Asian American´S Suicide Essay

1448 words - 6 pages

According to research, California State Fullerton professor Eliza Noh states that Asian-American women of the age 15 to 24 have the highest rates of suicide than any other racial, ethnic, or gender group. The “model minority” pressure—“socially produced pressure internalized by families of some Asian-American children to be high achievers at school and professionally”—plays a large factor to the issue, especially since girls, who are more affected by it than boys, are expected to become the “perfect mother, daughter, wife and get only A’s in school and choose the right type of job,” (Cruz 1). Noh adds on, saying that Asian-American women have a tendency “to ignore or deny stress, depression and other mental health problems” which “can cause the larger anxieties that lead to suicide,” (Hardin 265). The profound emphasis on cultural values in Asian society and the continuous denial of mental health issues in Asian-American families deteriorates the mental wellbeing of these women, further contributing to their suicidality.
As a young Asian-American woman, I find myself, like many others who fit the three criteria, suffering from the overwhelming weight of expectations bestowed by my family to succeed in life or face the shame and disappointment I would bring upon them lest I fail. Some may argue that the pressure to do well is not unique to Asian culture, and although that may be true for those who strive for great achievements, the level of importance on education only doubles when taken into account how significant child rearing is for Asian families (Hu 1). Because Asian parents spend more time on their children at the expense of their own time and ambitions, my grades are not only an indication of my intelligence and work ethics, but it is also a reflection upon my parents’ skills in raising me. Grades and awards are the top subjects of discussion between Asian families, because it displays the family’s abilities and wellbeing. To not have remarkable reports means to have wasted my parents’ time and to have shamed them into not mentioning me in the entire conversation at all.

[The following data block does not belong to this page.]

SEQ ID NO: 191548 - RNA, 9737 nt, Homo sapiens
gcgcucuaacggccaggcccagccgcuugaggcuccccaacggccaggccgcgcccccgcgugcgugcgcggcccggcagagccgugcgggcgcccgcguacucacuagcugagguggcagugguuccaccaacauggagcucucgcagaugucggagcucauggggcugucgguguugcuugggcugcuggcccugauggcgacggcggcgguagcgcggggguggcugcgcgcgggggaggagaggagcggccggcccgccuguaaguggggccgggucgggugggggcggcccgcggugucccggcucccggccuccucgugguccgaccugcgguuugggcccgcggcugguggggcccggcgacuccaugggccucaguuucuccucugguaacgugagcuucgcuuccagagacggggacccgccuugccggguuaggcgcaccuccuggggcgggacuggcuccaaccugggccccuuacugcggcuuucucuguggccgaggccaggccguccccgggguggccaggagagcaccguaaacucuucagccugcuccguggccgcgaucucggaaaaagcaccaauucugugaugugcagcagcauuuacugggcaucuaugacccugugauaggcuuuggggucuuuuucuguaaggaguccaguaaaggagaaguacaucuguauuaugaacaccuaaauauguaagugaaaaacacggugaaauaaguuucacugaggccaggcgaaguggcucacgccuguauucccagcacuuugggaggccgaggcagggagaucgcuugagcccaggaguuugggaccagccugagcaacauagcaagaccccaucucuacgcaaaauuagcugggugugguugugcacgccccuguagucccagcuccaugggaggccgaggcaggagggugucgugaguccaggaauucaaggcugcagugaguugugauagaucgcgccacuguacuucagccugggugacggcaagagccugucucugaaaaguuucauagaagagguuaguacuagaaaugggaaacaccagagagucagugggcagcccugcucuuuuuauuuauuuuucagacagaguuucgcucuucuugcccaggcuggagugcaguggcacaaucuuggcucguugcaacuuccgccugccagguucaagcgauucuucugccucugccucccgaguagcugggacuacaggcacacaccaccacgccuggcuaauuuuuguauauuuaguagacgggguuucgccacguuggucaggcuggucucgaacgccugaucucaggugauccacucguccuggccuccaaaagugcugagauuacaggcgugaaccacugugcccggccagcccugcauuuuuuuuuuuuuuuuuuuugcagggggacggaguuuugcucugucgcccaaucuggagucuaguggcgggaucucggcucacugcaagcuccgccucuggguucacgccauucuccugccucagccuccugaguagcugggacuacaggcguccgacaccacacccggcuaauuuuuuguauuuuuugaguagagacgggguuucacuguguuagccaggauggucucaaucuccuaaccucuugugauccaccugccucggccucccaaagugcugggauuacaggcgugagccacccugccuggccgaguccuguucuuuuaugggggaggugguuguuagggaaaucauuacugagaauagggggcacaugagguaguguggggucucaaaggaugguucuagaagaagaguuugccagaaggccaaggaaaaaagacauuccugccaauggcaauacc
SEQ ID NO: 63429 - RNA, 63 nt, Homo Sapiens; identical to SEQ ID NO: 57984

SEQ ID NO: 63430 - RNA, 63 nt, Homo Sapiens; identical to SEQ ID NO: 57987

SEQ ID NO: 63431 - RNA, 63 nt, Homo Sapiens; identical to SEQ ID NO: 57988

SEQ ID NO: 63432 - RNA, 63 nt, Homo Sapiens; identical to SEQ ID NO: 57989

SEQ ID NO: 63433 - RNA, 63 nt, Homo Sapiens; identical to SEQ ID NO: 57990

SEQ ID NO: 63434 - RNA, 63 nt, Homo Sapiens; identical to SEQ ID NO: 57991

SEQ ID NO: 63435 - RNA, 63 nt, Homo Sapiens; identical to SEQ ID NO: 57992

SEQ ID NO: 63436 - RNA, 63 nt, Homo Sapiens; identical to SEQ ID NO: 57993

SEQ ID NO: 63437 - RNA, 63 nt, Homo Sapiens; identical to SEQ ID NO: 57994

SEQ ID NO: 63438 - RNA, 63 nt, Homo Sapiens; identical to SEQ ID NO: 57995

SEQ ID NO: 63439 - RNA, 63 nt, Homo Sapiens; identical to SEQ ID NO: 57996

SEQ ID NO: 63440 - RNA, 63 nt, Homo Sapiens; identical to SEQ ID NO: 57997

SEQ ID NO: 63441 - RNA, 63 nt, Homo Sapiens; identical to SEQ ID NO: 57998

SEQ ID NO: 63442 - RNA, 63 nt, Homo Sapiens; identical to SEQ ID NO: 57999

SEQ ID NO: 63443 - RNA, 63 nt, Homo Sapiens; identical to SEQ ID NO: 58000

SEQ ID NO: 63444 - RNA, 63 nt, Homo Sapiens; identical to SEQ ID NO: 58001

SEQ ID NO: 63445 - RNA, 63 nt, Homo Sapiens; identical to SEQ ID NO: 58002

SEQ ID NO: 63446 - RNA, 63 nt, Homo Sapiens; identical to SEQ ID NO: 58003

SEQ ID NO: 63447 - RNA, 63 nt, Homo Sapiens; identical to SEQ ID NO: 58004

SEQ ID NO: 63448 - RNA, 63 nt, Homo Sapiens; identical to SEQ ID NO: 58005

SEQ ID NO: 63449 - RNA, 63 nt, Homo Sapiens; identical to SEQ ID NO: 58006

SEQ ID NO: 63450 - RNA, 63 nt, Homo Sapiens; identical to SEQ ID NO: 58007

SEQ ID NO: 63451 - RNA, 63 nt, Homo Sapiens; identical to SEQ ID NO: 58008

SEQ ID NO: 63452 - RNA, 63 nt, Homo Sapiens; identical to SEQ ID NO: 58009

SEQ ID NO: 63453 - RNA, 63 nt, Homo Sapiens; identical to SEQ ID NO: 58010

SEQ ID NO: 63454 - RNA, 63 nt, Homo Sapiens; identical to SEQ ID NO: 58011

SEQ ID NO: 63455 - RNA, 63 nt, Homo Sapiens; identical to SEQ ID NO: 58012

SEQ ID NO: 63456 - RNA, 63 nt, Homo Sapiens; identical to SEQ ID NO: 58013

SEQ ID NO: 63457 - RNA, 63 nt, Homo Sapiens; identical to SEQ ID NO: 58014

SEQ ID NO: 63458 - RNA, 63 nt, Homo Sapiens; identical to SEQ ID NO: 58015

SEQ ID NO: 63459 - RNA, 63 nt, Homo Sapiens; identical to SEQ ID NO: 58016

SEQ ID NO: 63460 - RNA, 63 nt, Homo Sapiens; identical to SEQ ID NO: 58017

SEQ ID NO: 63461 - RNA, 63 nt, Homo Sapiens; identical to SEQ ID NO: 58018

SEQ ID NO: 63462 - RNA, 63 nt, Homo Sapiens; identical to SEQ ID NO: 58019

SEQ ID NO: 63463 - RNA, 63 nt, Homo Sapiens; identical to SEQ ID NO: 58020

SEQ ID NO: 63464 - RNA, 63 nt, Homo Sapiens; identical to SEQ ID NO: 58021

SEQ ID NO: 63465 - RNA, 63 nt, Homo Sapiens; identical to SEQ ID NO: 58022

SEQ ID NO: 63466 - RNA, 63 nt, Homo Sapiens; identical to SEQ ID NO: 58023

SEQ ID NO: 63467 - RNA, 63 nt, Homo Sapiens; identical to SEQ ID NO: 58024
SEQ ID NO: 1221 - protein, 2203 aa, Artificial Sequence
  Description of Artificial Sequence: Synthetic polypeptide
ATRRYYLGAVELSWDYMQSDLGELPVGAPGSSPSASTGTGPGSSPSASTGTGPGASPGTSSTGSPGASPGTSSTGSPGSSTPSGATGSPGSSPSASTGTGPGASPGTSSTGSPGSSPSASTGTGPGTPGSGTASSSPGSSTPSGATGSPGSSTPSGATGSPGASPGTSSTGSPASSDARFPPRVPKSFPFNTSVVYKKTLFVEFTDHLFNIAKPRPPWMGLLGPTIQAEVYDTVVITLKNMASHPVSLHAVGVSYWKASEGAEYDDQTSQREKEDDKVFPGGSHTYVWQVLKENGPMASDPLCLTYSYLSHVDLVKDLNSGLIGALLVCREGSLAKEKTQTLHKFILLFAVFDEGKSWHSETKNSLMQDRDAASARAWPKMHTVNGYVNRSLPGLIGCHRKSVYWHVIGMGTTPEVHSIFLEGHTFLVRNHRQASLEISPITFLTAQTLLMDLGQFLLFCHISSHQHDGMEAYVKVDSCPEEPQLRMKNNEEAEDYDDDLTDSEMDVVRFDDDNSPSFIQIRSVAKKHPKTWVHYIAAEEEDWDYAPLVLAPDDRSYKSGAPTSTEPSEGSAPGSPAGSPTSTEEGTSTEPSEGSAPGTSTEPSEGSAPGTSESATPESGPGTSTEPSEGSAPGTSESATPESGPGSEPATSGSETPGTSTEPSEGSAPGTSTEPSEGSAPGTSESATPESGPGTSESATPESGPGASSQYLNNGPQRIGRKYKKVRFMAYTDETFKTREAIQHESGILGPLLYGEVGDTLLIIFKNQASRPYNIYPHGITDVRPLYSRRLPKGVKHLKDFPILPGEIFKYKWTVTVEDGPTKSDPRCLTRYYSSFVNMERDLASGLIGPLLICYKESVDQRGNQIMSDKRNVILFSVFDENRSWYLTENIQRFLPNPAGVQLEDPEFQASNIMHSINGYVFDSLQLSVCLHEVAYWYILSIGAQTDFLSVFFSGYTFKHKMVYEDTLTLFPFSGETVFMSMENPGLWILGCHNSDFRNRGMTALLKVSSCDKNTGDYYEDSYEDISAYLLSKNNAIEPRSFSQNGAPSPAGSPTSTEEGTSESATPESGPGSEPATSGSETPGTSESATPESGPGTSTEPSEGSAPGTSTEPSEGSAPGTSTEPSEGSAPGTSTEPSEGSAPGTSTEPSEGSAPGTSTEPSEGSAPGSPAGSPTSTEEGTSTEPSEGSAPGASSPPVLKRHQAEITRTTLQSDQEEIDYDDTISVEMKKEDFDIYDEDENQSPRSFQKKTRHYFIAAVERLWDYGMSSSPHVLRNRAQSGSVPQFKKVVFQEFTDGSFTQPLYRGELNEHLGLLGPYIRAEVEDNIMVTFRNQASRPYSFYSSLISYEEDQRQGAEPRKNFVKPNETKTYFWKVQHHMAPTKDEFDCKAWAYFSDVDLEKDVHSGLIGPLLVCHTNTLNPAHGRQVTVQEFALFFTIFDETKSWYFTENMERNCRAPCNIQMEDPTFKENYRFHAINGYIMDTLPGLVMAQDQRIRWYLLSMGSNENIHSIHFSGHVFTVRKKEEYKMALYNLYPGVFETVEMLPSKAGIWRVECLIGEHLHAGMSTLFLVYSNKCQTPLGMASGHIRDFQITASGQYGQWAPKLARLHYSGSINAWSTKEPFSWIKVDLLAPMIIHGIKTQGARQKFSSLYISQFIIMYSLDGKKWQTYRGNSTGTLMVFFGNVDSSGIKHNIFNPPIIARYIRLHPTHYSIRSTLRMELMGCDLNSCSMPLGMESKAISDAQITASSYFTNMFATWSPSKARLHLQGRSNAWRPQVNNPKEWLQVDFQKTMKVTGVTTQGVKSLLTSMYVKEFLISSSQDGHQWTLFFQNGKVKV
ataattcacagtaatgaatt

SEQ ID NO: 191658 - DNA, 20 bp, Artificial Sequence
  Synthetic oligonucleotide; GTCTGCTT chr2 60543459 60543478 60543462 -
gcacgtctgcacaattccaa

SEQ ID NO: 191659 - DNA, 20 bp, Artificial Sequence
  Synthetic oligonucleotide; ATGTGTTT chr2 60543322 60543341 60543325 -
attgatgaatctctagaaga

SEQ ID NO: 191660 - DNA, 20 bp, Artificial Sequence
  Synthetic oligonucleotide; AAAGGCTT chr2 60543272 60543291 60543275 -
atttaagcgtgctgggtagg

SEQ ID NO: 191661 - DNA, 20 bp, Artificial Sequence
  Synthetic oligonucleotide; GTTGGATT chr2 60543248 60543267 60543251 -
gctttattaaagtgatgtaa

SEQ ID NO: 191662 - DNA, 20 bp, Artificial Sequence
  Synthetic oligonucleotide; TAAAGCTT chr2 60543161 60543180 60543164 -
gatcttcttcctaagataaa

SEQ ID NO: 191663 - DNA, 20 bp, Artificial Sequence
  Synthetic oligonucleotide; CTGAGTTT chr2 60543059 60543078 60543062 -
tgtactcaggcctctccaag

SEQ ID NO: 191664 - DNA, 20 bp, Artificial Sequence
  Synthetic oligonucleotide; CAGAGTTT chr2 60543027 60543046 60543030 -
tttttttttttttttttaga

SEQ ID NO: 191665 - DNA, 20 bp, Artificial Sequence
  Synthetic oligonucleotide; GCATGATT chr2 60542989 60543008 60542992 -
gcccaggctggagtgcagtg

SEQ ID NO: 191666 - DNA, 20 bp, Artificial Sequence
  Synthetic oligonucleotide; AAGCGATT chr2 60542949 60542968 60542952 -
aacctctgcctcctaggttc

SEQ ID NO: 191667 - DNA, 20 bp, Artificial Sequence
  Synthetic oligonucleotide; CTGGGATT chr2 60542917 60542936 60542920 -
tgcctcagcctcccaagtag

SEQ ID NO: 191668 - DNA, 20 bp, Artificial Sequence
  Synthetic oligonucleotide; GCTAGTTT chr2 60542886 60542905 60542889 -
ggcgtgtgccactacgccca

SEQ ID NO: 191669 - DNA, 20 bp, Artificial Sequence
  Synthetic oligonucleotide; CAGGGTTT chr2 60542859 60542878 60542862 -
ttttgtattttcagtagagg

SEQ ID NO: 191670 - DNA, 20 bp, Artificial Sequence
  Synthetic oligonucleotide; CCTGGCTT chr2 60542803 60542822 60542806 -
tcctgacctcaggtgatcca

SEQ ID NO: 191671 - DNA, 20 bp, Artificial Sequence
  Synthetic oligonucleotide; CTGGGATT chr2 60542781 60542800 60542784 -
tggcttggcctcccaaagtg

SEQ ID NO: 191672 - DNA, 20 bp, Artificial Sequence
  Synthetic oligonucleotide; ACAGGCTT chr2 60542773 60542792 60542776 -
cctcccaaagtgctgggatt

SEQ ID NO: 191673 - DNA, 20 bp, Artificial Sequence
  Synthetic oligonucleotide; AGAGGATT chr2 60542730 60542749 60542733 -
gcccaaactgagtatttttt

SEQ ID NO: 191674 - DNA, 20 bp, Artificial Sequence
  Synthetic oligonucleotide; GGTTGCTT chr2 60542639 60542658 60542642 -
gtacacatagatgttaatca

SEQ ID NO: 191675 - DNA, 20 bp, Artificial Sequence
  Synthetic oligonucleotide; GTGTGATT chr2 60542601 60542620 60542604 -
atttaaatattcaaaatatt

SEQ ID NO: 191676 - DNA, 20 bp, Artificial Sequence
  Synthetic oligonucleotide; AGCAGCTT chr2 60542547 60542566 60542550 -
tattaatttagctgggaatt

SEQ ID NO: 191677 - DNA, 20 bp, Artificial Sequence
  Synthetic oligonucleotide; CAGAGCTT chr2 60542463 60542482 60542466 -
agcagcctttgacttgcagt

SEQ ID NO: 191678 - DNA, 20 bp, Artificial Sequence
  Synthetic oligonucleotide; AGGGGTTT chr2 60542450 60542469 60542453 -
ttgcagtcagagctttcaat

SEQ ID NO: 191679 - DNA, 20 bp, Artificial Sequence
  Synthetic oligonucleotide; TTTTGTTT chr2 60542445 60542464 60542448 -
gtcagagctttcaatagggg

Also, Asians place high value on the family unit with each individual designated a certain role and expected to “function within that role, submitting to the larger needs of the family. Women usually maintain that their husbands have a legitimate right to make final decisions, and they usually will withdraw from spousal conflict to maintain harmony within the family,” (Kramer 227-231). It is why Asian parents force Asian-American girls to behave a certain way and to do a certain task without question despite modern American culture, because, traditionally, the decision was never in their hands. “The cultural expectations are that Asian women don’t have that kind of freedom to hang out, to go out with friends, to do the kinds of things most teenagers growing up want to do,” said Dr. Dung Ngo, psychology researcher at University of Wisconsin- La Crosse, elaborating on why...

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